Monday, June 30, 2014

The National Museum of World War II Aviation - 6/28/14

This museum, recently opened, is dedicated solely to the legacy of American World War II era aviation. Our guide provided detailed insight into the legendary and inspiring stories of the battles involving aircraft during the war, including information about those Americans that joined the UK and China armed forces to serve as pilots prior to the U.S. entry into World War II after Pearl Harbor.

The exhibits tell the stories of diverse people coming together for a common purpose in the U.S.  The countries at war were engaged in fierce competition to create faster, heavier, and more agile military aircraft. Even by today's standards, the later aircraft during WW II feature impressive performance.  

The sacrifices and dedication on the home front to the war effort are documented in this exhibit.

Japanese artifacts.
Restored aircraft.

C-25 used extensively in WW II.

This aircraft served on these carriers.


Restored WW II fire truck.

The museum is focused on restoring aircraft that saw combat during WW II, as opposed to models built subsequently that were not involved in battles. Therefore, they have very impressive restoration shops as many of the aircraft were buried during the 1940s. These shops are also used to repair/restore privately-owned aircraft including one of the best propeller shops in the world.

Stinsen/Vultee L-5 Sentinel (in final stages of restoration). Sometimes called "the flying jeep," 4,000 were built during the war and were used by all branches of the military. It served as an artillery spotter, forward air controller on close air support missions, and evacuation aircraft of wounded from forward air positions.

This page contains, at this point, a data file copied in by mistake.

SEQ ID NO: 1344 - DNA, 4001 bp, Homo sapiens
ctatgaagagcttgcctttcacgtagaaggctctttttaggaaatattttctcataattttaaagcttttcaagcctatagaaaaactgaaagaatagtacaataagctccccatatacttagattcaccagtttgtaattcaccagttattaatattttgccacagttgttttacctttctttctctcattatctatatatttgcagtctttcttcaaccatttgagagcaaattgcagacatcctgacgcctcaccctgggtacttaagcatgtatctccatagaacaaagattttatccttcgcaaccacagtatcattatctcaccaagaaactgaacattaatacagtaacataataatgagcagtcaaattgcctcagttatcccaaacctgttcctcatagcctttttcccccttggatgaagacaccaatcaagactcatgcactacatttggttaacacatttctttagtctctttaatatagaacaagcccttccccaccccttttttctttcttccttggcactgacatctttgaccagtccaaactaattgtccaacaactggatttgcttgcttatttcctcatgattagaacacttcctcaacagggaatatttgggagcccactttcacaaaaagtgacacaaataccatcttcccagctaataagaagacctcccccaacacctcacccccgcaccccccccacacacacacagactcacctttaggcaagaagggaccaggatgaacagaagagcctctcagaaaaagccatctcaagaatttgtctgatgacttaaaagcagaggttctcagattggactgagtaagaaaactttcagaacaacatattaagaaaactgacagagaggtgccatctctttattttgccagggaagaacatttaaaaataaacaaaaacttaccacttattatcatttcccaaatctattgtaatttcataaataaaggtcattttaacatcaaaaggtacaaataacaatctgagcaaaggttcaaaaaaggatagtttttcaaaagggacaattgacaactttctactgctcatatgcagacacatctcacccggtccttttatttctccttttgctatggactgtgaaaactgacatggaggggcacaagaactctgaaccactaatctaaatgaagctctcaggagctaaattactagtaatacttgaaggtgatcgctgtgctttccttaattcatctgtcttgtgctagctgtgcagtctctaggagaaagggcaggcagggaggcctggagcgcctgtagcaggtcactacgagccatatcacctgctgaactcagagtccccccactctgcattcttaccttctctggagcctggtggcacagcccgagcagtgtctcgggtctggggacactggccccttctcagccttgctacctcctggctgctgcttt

Note the design of the wings ... this was to enable more aircraft to fit on an aircraft carrier.

I personally found this museum interesting because my dad served in the South Pacific in the Navy during World War II as a turret gunner on a bomber. John also enjoyed the military historical value this museum brings to the public.

Open to the public Tuesday, Thursday, and Saturdays, a guided tour is provided. Our guide had a wealth of information about the planes and times of WW II.  Admission is $10/adults and $8/seniors, retired or active duty military. 

Saturday, June 28, 2014

Cripple Creek, CO - 6/17/14

Surrounded by majestic mountains and breathtaking scenery, this historic mining town is located on the west side of Pikes Peak. The Colorado Gold Rush of 1900 put Cripple Creak on the map when gold worth more than $18M was mined in more than 500 mines. The Cripple Creek and Victor Gold Mining Company mined $438M worth of gold last year, making it the 4th largest gold mine in the world. More gold has been mined from this area than from both Alaska and California combined! It is estimated that only 20% of the gold in the area has been mined thus far.

In the 1890s, Cripple Creek had a population of 30,000 with 50,000 total in the district including Victor, Goldfield, and surrounding regions. Population in 2012 was 1,200 people. Gambling has been a part of Cripple Creek's colorful past since the mid-1800s. In 1991, gambling was legalized and 13 casinos are in operation today which has, of course, bolstered the economy. They range from the historic to ultra modern with hotel accommodations available in some.

Views of the main drag through the town.

Cripple Creek had two opera houses (Butte Opera House and The Imperial Theatre) as performing arts was an important part of its history. Today the restored Butte Opera House offers year-round professional performances and The Gold Bar Room Theatre (in the Imperial Hotel) re-opened in 2012.